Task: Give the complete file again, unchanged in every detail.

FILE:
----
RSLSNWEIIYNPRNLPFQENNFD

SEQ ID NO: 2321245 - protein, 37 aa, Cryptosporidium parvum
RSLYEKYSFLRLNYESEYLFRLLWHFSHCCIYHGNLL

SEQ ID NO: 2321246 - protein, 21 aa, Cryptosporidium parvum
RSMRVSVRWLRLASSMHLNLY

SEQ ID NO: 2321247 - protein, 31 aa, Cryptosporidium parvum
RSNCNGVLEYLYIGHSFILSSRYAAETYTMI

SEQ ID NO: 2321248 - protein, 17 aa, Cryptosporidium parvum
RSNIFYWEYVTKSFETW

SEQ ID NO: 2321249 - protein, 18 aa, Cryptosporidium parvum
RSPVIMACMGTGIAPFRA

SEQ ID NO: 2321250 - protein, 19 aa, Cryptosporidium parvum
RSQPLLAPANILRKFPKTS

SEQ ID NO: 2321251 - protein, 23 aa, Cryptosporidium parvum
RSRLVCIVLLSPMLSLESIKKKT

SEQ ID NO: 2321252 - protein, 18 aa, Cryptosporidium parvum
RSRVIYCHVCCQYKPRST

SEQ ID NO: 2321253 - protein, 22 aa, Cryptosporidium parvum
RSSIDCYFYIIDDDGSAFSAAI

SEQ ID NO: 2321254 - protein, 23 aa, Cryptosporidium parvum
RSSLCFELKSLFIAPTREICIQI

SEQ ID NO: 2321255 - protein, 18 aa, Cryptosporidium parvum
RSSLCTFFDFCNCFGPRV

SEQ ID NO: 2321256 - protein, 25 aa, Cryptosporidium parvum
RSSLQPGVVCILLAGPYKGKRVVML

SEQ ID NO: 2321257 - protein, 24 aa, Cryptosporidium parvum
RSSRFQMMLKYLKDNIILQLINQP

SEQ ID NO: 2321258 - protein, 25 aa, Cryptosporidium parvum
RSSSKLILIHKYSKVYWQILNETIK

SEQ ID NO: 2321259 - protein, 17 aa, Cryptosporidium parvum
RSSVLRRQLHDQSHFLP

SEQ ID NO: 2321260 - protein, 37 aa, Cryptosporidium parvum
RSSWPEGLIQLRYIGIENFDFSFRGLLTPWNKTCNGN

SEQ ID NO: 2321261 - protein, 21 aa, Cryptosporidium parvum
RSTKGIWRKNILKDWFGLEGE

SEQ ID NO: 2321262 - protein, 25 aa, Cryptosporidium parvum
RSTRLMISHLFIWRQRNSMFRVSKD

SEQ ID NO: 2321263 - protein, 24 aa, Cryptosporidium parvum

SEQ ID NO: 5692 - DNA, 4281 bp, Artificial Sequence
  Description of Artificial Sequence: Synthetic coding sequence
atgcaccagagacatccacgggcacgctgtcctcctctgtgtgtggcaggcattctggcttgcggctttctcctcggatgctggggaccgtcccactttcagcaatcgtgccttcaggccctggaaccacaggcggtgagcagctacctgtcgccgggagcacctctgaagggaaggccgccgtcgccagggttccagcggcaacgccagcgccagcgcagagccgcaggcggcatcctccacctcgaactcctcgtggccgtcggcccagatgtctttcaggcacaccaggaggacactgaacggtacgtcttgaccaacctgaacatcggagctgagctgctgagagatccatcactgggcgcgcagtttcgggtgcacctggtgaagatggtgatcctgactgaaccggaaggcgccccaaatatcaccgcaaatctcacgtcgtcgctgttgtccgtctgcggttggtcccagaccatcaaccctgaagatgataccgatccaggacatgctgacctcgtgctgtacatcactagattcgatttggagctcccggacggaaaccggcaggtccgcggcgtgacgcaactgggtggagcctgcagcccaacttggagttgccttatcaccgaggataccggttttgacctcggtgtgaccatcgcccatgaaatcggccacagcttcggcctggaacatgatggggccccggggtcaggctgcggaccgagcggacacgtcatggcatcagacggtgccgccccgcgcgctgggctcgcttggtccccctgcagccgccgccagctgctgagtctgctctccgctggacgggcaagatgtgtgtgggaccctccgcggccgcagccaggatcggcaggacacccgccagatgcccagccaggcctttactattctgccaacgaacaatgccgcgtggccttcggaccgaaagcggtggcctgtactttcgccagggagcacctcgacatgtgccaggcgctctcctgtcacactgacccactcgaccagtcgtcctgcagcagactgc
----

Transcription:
RSLSNWEIIYNPRNLPFQENNFD

SEQ ID NO: 2321245 - protein, 37 aa, Cryptosporidium parvum
RSLYEKYSFLRLNYESEYLFRLLWHFSHCCIYHGNLL

SEQ ID NO: 2321246 - protein, 21 aa, Cryptosporidium parvum
RSMRVSVRWLRLASSMHLNLY

SEQ ID NO: 2321247 - protein, 31 aa, Cryptosporidium parvum
RSNCNGVLEYLYIGHSFILSSRYAAETYTMI

SEQ ID NO: 2321248 - protein, 17 aa, Cryptosporidium parvum
RSNIFYWEYVTKSFETW

SEQ ID NO: 2321249 - protein, 18 aa, Cryptosporidium parvum
RSPVIMACMGTGIAPFRA

SEQ ID NO: 2321250 - protein, 19 aa, Cryptosporidium parvum
RSQPLLAPANILRKFPKTS

SEQ ID NO: 2321251 - protein, 23 aa, Cryptosporidium parvum
RSRLVCIVLLSPMLSLESIKKKT

SEQ ID NO: 2321252 - protein, 18 aa, Cryptosporidium parvum
RSRVIYCHVCCQYKPRST

SEQ ID NO: 2321253 - protein, 22 aa, Cryptosporidium parvum
RSSIDCYFYIIDDDGSAFSAAI

SEQ ID NO: 2321254 - protein, 23 aa, Cryptosporidium parvum
RSSLCFELKSLFIAPTREICIQI

SEQ ID NO: 2321255 - protein, 18 aa, Cryptosporidium parvum
RSSLCTFFDFCNCFGPRV

SEQ ID NO: 2321256 - protein, 25 aa, Cryptosporidium parvum
RSSLQPGVVCILLAGPYKGKRVVML

SEQ ID NO: 2321257 - protein, 24 aa, Cryptosporidium parvum
RSSRFQMMLKYLKDNIILQLINQP

SEQ ID NO: 2321258 - protein, 25 aa, Cryptosporidium parvum
RSSSKLILIHKYSKVYWQILNETIK

SEQ ID NO: 2321259 - protein, 17 aa, Cryptosporidium parvum
RSSVLRRQLHDQSHFLP

SEQ ID NO: 2321260 - protein, 37 aa, Cryptosporidium parvum
RSSWPEGLIQLRYIGIENFDFSFRGLLTPWNKTCNGN

SEQ ID NO: 2321261 - protein, 21 aa, Cryptosporidium parvum
RSTKGIWRKNILKDWFGLEGE

SEQ ID NO: 2321262 - protein, 25 aa, Cryptosporidium parvum
RSTRLMISHLFIWRQRNSMFRVSKD

SEQ ID NO: 2321263 - protein, 24 aa, Cryptosporidium parvum

SEQ ID NO: 5692 - DNA, 4281 bp, Artificial Sequence
  Description of Artificial Sequence: Synthetic coding sequence
atgcaccagagacatccacgggcacgctgtcctcctctgtgtgtggcaggcattctggcttgcggctttctcctcggatgctggggaccgtcccactttcagcaatcgtgccttcaggccctggaaccacaggcggtgagcagctacctgtcgccgggagcacctctgaagggaaggccgccgtcgccagggttccagcggcaacgccagcgccagcgcagagccgcaggcggcatcctccacctcgaactcctcgtggccgtcggcccagatgtctttcaggcacaccaggaggacactgaacggtacgtcttgaccaacctgaacatcggagctgagctgctgagagatccatcactgggcgcgcagtttcgggtgcacctggtgaagatggtgatcctgactgaaccggaaggcgccccaaatatcaccgcaaatctcacgtcgtcgctgttgtccgtctgcggttggtcccagaccatcaaccctgaagatgataccgatccaggacatgctgacctcgtgctgtacatcactagattcgatttggagctcccggacggaaaccggcaggtccgcggcgtgacgcaactgggtggagcctgcagcccaacttggagttgccttatcaccgaggataccggttttgacctcggtgtgaccatcgcccatgaaatcggccacagcttcggcctggaacatgatggggccccggggtcaggctgcggaccgagcggacacgtcatggcatcagacggtgccgccccgcgcgctgggctcgcttggtccccctgcagccgccgccagctgctgagtctgctctccgctggacgggcaagatgtgtgtgggaccctccgcggccgcagccaggatcggcaggacacccgccagatgcccagccaggcctttactattctgccaacgaacaatgccgcgtggccttcggaccgaaagcggtggcctgtactttcgccagggagcacctcgacatgtgccaggcgctctcctgtcacactgacccactcgaccagtcgtcctgcagcagactgc